There were very few awards that I cared about at the Oscars last night—mainly anything that Taika Waititi, Greta Gerwig, 1917, or Parasite were nominated for. So, when Jojo Rabbit won for Best Adapted Screenplay, I found myself cheering and overcome with excitement.
The first Māori director/screenwriter to take home the Academy Award, Waititi delivered a beautiful and inspiring speech, calling out to those Indigenous children who want to create and tell stories and sharing that they, too, can end up on that stage.
A speech that truly is inspiring comes with the knowledge that Waititi is one of very few Indigenous creators actually nominated by the Academy—not just this year, but ever. He’s only the second creator of Māori descent to be nominated at all. The first was Keisha Castle-Hughes in 2004 for her performance in Whale Rider, and Taika Waititi himself was the second in 2005 for his short film Two Cars, One Night. Since then, the only other nominee of Māori descent? Waititi, this year, for Jojo Rabbit.
What’s sad about it is not only has there been amazing work from Māori creators in the meantime (including Waititi himself, with Boy and Hunt for the Wilderpeople), but it seems as if the Academy has just left their work out of their “prestige” viewing because they weren’t huge topics of conversation within the American cinema world.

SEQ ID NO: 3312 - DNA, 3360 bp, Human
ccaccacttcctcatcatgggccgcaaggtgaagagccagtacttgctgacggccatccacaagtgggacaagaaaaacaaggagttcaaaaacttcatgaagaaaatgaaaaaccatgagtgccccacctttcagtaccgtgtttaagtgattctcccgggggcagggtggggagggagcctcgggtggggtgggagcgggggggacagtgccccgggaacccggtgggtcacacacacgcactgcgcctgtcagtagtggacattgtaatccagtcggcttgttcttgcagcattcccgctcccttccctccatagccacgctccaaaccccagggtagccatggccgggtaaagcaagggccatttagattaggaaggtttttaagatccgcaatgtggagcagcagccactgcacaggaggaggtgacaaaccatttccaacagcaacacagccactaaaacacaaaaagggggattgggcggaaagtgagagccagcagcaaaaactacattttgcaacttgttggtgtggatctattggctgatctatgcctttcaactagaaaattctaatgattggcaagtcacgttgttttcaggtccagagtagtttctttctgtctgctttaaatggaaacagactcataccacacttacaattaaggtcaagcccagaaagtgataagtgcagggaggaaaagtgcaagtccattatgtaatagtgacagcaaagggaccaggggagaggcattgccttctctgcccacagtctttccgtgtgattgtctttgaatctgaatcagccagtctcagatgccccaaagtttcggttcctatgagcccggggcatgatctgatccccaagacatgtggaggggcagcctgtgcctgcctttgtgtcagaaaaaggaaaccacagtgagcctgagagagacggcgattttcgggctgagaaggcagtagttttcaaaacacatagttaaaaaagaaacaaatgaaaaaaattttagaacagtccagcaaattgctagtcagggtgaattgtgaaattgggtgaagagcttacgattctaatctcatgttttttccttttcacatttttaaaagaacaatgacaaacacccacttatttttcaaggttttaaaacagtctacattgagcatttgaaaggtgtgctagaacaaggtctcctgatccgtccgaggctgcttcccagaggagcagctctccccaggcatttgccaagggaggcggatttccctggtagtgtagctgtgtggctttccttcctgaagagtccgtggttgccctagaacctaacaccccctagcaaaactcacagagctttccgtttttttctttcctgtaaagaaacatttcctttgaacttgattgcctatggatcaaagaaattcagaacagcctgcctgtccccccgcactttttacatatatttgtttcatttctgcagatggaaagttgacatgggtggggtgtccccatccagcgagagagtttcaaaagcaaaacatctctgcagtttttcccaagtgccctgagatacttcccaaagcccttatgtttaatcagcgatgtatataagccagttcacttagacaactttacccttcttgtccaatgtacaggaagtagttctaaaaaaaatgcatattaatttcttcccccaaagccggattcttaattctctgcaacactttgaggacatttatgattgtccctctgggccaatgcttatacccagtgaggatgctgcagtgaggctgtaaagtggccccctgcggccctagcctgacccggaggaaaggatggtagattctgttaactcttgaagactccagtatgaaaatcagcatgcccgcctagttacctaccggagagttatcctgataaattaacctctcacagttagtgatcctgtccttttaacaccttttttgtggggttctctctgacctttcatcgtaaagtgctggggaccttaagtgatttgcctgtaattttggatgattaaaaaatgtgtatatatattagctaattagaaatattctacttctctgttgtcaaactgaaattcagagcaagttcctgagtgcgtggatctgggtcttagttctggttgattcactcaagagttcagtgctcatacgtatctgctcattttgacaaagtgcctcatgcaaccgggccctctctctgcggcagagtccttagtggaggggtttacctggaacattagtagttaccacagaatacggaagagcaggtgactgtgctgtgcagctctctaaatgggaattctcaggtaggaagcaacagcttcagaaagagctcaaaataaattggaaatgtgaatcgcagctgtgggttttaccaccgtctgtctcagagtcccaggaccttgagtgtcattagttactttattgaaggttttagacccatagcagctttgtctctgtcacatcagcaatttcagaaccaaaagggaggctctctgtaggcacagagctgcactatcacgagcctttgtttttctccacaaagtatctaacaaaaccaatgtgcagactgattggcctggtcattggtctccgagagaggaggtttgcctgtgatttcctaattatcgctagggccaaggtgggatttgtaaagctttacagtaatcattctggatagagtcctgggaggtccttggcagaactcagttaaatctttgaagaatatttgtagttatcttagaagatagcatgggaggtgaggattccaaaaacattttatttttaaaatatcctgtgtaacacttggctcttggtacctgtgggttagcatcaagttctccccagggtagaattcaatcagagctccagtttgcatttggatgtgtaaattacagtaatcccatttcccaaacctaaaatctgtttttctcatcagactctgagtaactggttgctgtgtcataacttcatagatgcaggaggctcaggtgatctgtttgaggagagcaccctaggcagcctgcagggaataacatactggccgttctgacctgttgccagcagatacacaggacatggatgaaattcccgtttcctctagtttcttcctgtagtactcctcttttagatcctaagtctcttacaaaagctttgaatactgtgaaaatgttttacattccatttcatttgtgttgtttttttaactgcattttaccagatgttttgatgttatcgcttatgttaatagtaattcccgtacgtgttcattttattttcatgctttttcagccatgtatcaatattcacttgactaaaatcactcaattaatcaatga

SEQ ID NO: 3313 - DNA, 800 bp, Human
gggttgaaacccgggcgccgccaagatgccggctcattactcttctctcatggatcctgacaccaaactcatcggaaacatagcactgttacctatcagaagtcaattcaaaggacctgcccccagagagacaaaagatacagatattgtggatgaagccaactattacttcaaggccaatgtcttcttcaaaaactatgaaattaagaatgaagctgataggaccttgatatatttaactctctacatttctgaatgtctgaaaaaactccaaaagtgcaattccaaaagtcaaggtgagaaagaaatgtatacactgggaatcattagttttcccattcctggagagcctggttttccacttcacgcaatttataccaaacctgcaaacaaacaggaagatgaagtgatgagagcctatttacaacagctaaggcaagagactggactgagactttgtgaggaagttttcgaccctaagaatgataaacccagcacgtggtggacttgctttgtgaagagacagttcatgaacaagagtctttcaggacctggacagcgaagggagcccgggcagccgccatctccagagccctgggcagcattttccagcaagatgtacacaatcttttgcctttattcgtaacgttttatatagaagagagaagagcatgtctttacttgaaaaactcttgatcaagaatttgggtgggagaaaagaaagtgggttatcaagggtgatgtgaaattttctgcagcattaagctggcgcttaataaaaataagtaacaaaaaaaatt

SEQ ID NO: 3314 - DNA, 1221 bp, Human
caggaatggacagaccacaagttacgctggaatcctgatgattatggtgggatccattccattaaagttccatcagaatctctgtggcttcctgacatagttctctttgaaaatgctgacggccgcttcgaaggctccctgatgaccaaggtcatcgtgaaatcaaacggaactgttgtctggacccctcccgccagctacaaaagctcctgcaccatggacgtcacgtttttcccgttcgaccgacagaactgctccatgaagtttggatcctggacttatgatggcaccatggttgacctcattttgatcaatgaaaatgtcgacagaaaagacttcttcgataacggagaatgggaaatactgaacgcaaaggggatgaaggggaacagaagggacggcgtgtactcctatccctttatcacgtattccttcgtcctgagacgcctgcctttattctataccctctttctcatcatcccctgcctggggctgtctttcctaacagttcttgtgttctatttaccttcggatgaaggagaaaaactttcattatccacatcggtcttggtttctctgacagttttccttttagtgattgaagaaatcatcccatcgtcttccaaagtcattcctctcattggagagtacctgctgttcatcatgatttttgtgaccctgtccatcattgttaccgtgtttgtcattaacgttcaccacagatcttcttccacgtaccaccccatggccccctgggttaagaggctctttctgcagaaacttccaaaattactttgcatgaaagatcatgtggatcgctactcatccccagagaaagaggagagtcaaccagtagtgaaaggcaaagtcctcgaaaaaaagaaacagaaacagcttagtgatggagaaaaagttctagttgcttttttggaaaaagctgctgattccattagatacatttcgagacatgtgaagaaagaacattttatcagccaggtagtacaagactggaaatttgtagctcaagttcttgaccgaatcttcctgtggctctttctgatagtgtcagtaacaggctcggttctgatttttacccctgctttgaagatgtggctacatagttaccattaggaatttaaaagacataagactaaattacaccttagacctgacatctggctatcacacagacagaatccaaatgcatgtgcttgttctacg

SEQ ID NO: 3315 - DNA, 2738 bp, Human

Part of my problem with the Oscars is that they’ll take this year, which made history with wins for Taika Waititi for Jojo Rabbit and Bong Joon-Ho for Parasite, and pat themselves on the back when just last year, they awarded the controversial “feel-good racism movie” Green Book with the highest award of the night.
So, my question now is, are they going to continue to look at not just Waititi’s work, but that of other Indigenous creators and creators of color, from here on out? While Jojo Rabbit was my favorite movie of last year (among others like Parasite and Rocketman), it is just one in a catalog of brilliant work from Waititi, something the Academy would have known had they kept their eyes on his work after literally nominating him for an Oscar back before Boy, Eagle vs Shark, Hunt for the Wilderpeople, and even What We Do In The Shadows.
Taika Waititi deserved to be nominated for Best Director, alongside Bong Joon-ho, over a lot of their white male colleagues. (Greta Gerwig also deserved a nomination, too.) He also has deserved to have his work recognized for at least three of his previous films, and hopefully, now, the Academy starts to actually appreciate work from all different creators instead of giving the same people nominations over and over again.
Want more stories like this? Become a subscriber and support the site!
—The Mary Sue has a strict comment policy that forbids, but is not limited to, personal insults toward anyone, hate speech, and trolling.—
Have a tip we should know? [email protected]